Like Pinterest, these boards can contain images for designing the ideal space, inspiration images for crafts and hobbies, and so on. But instead of heavily relying on content created by other users on the Internet, boards here are created using personal photos, videos, text files and notes, audio recordings, location markers and URLs (these load via an in-app browser).
For a real-world use case, let’s imagine you’re planning a party. The “party-planning” board could then contain pictures of, and text recipes for food you’ll serve at the party, as well as reminders about who to invite, a list of songs to play during the event, the address of the table rental company, and so on. If users feel the need, they can save third-party images to their camera roll, and import those as inspirations for the event as well (say, a picture of a fun table-setting).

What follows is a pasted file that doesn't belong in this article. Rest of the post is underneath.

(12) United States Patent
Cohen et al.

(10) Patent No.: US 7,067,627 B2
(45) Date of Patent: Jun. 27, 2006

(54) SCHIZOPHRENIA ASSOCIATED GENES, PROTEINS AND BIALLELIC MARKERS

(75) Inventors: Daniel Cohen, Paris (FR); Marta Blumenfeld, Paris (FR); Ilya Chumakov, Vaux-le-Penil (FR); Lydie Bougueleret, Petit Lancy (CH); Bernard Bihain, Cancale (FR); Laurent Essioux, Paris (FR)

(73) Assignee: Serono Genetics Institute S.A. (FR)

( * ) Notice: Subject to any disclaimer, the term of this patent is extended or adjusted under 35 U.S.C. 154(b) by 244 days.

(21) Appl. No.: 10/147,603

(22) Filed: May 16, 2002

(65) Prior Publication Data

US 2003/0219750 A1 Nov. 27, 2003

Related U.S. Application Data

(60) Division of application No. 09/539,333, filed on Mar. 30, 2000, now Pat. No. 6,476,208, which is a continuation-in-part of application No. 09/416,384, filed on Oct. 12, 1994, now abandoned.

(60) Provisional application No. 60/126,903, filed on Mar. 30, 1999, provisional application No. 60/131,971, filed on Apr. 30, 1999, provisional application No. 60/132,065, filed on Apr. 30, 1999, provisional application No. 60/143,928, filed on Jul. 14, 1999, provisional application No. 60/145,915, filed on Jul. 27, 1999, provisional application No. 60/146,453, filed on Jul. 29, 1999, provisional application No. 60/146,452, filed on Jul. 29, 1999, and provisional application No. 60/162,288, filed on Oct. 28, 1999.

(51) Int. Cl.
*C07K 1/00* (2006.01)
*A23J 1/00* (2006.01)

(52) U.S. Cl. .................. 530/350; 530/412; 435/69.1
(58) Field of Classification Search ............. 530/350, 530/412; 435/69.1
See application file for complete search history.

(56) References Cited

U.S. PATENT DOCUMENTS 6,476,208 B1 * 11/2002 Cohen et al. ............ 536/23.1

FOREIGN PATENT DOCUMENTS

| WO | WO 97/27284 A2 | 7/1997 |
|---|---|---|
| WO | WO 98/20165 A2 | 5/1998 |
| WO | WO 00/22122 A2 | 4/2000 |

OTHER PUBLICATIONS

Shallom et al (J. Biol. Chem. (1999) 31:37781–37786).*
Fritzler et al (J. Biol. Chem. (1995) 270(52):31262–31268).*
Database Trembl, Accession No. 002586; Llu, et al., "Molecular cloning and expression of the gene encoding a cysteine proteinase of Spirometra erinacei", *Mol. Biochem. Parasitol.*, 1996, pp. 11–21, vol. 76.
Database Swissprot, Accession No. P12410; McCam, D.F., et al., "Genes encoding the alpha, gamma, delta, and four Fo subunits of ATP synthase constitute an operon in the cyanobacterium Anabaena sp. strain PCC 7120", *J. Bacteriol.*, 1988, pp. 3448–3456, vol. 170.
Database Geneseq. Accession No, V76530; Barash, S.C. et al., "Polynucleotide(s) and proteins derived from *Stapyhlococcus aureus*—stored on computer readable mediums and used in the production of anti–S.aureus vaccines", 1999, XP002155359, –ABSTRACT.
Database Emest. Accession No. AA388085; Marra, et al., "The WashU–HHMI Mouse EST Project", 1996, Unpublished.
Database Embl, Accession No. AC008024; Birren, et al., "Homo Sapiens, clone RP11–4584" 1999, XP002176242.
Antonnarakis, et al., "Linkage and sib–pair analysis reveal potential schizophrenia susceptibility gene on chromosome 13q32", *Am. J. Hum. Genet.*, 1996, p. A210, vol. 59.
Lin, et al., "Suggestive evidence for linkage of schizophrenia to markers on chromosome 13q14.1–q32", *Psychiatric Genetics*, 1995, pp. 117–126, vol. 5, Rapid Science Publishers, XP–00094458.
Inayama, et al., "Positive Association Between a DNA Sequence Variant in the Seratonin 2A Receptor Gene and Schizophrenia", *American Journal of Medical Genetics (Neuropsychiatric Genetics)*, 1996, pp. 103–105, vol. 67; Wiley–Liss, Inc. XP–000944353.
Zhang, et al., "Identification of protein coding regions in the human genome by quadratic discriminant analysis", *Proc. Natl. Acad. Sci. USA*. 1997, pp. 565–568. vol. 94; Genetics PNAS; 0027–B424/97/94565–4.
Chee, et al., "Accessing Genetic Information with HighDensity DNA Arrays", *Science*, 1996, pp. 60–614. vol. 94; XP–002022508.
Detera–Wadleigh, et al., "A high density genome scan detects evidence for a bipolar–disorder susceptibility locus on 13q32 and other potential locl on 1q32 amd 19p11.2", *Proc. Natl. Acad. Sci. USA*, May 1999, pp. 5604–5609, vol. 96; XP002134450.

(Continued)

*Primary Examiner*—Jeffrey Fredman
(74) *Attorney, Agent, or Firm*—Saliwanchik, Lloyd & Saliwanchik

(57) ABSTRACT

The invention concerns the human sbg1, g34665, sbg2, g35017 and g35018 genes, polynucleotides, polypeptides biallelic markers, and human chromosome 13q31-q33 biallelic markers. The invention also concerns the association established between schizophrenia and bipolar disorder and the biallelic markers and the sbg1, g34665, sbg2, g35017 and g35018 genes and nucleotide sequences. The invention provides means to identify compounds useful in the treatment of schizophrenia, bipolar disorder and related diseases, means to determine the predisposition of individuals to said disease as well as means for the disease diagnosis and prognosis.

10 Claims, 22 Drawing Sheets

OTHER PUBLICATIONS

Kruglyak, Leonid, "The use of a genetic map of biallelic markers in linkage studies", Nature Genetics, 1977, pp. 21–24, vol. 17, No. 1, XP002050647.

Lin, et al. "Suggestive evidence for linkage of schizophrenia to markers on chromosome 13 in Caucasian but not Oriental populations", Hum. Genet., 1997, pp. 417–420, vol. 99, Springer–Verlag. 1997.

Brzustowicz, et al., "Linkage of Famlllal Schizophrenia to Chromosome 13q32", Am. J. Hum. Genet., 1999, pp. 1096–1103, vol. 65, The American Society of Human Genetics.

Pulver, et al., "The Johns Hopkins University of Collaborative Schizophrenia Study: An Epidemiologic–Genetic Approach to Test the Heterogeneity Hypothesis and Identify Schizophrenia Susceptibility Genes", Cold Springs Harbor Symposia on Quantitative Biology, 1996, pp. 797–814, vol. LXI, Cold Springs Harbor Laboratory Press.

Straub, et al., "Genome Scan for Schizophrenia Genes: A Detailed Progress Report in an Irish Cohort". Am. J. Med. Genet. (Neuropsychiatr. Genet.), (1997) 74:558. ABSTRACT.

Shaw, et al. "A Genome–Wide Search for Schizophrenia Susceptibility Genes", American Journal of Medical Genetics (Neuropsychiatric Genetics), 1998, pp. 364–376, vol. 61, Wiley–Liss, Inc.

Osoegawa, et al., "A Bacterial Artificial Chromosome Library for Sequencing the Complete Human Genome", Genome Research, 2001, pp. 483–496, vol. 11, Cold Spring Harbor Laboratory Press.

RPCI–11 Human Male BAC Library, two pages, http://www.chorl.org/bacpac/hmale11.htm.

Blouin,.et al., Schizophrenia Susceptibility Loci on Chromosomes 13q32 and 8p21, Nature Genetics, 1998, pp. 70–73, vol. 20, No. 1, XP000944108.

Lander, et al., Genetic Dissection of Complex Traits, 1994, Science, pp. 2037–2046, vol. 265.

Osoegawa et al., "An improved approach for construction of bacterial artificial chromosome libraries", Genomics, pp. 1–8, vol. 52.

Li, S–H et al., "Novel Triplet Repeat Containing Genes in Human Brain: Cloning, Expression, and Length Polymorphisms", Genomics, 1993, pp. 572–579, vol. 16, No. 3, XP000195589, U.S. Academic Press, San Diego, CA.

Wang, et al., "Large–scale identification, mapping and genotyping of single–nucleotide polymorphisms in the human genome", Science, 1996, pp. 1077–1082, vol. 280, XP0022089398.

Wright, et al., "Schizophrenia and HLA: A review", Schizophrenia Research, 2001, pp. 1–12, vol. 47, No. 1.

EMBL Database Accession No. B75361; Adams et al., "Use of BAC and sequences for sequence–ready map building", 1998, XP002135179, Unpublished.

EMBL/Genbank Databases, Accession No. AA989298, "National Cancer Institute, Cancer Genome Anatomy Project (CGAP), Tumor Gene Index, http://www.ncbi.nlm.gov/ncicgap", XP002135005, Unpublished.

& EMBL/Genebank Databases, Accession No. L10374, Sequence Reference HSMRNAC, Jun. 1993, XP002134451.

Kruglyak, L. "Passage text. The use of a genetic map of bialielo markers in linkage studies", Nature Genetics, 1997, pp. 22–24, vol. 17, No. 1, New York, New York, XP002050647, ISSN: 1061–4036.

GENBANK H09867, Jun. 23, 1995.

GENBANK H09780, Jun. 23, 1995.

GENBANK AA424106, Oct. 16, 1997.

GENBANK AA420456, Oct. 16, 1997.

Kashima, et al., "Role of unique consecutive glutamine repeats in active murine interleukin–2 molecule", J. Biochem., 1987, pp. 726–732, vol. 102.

Whatever the reason for their creation, boards can be deleted in one tap if they’re no longer needed. Plus, many individual board elements, like websites and photos, can be shared with others via Facebook, Twitter, email or text (say, when you want to share a recipe with another person who’s coming to that party). Finally, reminders can be attached to boards, notifying users when it’s time to complete a task.
While ClipUp is available as a separate free app on iOS, the paid version (offering unlimited boards) is still available for purchase for $4.99. It should be noted the app’s price has fluctuated frequently since its launch in July 2014, so this might drop again in the future.